Climate change is a global challenge that affects every aspect of our lives. It is causing rising temperatures, more frequent and severe natural disasters, and a host of other environmental changes that are having profound effects on our physical health, economic stability, and social well-being. However, the impact of climate change on mental health is often overlooked, even though it is a significant and growing concern. As temperatures continue to rise and natural disasters become more frequent, the psychological toll of climate change is becoming increasingly apparent. From anxiety and depression to PTSD and grief, the mental health consequences of climate change are affecting individuals, families, and communities around the world. Understanding these impacts is essential for addressing the full scope of the climate change challenge and developing effective strategies for adaptation and resilience.
One of the most obvious ways that climate change can affect mental health is through the increased frequency and severity of natural disasters. Hurricanes, floods, and wildfires are becoming more common and more destructive, displacing communities and causing trauma and grief. People who have experienced these disasters may suffer from anxiety, depression, and post-traumatic stress disorder (PTSD). Even those who have not experienced a disaster firsthand may feel anxious or depressed about the possibility of one occurring in their community.
In addition to natural disasters, climate change can also affect mental health through its impact on physical health. Higher temperatures can exacerbate existing health conditions, such as asthma and heart disease, and can also lead to heat exhaustion and heat stroke. This can cause anxiety and stress for individuals who are already dealing with health challenges, as well as for those who worry about the health of loved ones.
Climate change can also have social and economic consequences that can affect mental health. As the effects of climate change become more severe, people may be forced to move from their homes and communities. This can lead to a sense of loss and dislocation, as well as anxiety about the future. In addition, climate change can lead to economic instability, which can cause stress and anxiety about job security and financial stability.
Furthermore, climate change can have a disproportionate impact on certain communities, particularly those that are already marginalised or vulnerable. For example, low-income communities and communities of colour may be more likely to live in areas that are prone to flooding or other natural disasters. This can lead to a sense of injustice and anger, as well as anxiety and depression about the future.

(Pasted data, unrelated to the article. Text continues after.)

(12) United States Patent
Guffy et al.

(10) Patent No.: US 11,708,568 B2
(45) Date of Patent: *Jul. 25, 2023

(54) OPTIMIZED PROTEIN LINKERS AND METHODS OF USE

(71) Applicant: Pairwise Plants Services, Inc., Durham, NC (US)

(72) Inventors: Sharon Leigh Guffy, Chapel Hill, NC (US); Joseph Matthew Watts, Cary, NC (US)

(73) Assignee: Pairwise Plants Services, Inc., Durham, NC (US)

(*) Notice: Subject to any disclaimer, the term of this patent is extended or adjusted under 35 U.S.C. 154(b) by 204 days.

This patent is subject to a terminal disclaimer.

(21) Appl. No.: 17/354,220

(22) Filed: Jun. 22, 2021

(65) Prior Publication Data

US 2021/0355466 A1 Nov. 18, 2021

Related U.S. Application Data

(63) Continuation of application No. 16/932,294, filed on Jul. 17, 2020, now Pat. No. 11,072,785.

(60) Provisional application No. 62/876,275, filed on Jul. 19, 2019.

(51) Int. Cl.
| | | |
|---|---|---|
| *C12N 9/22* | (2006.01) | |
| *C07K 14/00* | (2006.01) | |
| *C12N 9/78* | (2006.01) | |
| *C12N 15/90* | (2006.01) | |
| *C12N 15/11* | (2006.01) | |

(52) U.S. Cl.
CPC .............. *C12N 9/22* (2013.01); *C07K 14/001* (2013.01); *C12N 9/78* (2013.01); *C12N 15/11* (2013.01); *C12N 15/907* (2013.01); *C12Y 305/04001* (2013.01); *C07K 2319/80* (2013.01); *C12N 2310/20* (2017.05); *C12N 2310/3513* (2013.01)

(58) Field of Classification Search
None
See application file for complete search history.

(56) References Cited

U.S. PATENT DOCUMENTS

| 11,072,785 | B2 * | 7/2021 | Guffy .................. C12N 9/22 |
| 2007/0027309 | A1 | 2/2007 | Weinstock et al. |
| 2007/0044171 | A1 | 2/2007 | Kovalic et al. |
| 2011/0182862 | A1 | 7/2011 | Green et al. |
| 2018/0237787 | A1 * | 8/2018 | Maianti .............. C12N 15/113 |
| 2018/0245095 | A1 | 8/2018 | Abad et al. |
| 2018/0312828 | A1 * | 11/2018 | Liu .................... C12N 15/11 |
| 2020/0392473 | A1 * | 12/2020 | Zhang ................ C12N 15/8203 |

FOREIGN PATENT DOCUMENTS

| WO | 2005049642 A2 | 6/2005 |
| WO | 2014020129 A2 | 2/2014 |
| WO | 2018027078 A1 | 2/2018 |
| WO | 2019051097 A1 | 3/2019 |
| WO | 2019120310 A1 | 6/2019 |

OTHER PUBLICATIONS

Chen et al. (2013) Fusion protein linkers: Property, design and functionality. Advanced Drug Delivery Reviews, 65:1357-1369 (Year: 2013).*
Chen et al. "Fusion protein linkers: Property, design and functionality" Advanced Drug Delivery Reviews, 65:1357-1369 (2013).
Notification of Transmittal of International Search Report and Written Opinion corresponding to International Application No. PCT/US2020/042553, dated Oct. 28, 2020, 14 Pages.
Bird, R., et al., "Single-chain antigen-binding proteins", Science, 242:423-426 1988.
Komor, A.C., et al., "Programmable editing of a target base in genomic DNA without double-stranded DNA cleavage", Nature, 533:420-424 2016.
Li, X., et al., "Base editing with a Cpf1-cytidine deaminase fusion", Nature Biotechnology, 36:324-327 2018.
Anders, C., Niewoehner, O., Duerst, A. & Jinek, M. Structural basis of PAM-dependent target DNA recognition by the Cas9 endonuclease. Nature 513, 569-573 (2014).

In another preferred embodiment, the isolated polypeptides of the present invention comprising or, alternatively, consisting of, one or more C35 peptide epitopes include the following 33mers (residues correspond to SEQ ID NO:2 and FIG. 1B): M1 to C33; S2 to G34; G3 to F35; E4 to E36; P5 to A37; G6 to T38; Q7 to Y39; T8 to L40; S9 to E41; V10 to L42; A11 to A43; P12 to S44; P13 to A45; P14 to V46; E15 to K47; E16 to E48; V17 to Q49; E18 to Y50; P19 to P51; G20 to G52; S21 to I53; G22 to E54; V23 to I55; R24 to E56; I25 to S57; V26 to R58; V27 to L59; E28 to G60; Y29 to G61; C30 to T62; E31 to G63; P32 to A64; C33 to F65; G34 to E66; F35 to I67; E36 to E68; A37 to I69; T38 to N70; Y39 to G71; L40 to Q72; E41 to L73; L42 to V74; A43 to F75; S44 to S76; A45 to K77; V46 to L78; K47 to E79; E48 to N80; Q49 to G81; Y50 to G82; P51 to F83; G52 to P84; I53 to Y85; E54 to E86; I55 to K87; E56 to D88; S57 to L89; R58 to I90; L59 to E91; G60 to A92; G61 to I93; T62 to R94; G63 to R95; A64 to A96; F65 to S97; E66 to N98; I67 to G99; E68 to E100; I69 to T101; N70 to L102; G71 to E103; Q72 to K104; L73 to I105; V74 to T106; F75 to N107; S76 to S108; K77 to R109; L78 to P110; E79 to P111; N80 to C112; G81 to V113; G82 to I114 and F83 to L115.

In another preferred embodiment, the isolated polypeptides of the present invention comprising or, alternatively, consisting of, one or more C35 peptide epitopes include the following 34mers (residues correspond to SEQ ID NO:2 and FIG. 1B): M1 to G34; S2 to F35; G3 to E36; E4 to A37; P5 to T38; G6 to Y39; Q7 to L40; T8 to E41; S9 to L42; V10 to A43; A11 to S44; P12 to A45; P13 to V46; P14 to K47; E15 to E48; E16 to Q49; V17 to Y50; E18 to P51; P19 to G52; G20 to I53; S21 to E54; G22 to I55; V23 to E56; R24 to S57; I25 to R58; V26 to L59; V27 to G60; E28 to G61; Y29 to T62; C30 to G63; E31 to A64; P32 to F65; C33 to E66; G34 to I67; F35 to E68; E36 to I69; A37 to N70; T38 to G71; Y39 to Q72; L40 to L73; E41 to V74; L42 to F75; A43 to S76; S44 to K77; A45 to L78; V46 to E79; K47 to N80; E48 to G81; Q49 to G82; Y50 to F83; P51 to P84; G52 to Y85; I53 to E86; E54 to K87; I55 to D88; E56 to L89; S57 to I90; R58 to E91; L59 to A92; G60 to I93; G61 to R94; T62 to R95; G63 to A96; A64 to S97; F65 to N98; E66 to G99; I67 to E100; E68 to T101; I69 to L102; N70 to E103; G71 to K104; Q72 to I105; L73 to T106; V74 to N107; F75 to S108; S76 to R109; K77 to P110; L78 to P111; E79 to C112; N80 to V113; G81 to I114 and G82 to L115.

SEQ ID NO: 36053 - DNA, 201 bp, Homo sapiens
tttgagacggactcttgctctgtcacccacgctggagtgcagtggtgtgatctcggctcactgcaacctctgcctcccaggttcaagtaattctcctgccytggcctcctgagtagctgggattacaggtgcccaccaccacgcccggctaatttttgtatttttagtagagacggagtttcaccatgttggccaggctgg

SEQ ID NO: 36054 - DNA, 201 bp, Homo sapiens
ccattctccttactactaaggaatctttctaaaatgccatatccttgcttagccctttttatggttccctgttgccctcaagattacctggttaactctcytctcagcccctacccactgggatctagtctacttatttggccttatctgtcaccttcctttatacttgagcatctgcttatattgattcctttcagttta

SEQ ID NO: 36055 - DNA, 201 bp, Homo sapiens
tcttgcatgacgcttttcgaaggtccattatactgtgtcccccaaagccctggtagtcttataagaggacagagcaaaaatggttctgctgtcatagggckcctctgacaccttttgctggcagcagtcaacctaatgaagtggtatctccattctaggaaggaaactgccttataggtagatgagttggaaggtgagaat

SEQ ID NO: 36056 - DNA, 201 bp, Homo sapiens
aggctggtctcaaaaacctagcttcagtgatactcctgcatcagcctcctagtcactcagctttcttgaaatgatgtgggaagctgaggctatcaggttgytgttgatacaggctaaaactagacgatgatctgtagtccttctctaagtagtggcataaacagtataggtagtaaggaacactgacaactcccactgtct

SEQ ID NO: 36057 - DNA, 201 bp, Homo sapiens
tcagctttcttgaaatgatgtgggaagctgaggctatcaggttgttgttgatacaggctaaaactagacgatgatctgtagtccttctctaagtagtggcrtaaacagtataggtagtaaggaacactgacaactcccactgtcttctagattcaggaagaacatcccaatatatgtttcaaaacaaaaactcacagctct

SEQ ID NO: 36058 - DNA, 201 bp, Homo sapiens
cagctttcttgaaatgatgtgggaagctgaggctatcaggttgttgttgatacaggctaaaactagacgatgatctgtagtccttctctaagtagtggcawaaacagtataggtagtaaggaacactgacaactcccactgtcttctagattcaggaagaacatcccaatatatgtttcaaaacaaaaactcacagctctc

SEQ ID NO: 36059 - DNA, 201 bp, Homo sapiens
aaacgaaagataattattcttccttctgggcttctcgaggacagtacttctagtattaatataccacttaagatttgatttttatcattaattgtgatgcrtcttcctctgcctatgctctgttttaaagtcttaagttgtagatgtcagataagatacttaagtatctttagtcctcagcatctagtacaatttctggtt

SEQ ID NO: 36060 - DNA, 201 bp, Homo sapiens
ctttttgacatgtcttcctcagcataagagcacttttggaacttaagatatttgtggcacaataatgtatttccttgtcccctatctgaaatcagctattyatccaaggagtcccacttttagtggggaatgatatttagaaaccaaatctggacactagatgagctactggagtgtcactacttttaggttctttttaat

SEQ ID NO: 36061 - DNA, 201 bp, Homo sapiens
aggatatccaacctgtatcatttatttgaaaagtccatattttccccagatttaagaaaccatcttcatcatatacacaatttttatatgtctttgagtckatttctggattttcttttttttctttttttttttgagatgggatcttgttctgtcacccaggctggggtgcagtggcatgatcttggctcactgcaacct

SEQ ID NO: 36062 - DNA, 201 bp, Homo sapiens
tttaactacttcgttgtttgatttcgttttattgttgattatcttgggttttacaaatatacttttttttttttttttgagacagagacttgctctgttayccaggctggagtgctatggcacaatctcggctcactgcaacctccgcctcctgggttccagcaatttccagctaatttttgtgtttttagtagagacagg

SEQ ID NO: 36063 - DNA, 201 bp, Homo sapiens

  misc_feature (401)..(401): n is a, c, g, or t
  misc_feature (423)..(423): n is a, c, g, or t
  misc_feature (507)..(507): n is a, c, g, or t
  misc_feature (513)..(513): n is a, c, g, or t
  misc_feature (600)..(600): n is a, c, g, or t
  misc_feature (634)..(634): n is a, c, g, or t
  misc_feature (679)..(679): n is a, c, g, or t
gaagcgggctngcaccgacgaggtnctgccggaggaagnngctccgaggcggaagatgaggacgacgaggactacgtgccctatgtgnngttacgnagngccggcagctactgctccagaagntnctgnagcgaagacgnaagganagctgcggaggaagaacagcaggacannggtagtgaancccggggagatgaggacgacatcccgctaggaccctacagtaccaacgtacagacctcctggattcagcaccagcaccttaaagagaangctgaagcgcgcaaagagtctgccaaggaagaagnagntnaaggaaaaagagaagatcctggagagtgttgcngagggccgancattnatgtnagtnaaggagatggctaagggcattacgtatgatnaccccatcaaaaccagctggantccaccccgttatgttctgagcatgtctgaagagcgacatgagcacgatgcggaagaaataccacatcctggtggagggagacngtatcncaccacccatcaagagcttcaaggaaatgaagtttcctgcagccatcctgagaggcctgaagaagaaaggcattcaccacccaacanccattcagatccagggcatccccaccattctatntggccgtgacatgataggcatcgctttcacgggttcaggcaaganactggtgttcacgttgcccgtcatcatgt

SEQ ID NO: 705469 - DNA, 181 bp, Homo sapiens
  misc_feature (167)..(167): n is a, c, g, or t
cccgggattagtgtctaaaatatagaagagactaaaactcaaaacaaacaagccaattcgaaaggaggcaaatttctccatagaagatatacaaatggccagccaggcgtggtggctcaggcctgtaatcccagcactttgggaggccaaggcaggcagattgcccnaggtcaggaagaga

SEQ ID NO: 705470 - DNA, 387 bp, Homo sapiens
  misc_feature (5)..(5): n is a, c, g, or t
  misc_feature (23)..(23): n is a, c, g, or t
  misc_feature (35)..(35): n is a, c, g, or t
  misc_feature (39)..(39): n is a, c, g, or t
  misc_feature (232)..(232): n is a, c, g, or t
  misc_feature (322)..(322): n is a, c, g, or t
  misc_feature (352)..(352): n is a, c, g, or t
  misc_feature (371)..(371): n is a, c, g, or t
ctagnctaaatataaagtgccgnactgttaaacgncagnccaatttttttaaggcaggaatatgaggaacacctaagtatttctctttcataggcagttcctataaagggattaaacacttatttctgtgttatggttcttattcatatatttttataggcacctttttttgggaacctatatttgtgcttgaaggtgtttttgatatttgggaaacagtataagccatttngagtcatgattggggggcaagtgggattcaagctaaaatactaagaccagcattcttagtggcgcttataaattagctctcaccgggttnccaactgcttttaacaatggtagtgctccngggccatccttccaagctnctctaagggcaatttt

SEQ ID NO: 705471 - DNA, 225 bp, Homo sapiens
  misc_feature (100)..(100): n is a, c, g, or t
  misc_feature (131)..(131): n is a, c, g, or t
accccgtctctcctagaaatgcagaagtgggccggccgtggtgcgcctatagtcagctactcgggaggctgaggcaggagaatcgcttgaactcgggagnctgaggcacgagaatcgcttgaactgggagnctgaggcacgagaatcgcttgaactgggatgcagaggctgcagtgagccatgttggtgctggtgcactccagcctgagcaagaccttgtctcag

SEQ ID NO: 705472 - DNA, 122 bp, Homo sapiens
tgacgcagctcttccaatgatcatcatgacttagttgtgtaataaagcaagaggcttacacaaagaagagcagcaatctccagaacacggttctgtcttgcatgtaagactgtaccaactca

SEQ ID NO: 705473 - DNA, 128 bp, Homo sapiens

Here are some statistics that support the psychological toll of climate change and how global warming is effecting mental health.
A study conducted in 2017 found that the incidence of depression and anxiety increased by 4% and 5%, respectively, for every 1°C increase in temperature.
According to the World Health Organisation (WHO), natural disasters affect approximately 160 million people worldwide each year. These events can cause a range of mental health issues, including PTSD, depression, and anxiety.
A 2020 report by the American Psychological Association (APA) found that climate change is a significant source of stress for many people. The report found that 56% of American adults feel helpless about climate change, and 72% feel that climate change is a major concern.
The impacts of climate change are not distributed equally across populations. Low-income and marginalised communities are disproportionately affected by climate change and are more likely to experience negative mental health outcomes as a result.
A survey conducted in the aftermath of Hurricane Katrina found that 49% of respondents experienced symptoms of PTSD, while 45% experienced symptoms of depression.
These statistics demonstrate the significant impact that climate change can have on mental health and highlight the need for increased attention to this issue.
In conclusion, the effects of climate change on mental health are significant and far-reaching. As temperatures continue to rise and natural disasters become more frequent, it is important that we take steps to address the psychological impact of climate change. This may include providing mental health support for individuals who have experienced natural disasters, investing in community resilience, and addressing the social and economic inequalities that make certain communities more vulnerable to the effects of climate change. By taking action now, we can help to mitigate the psychological impact of climate change and build a more resilient and healthy society.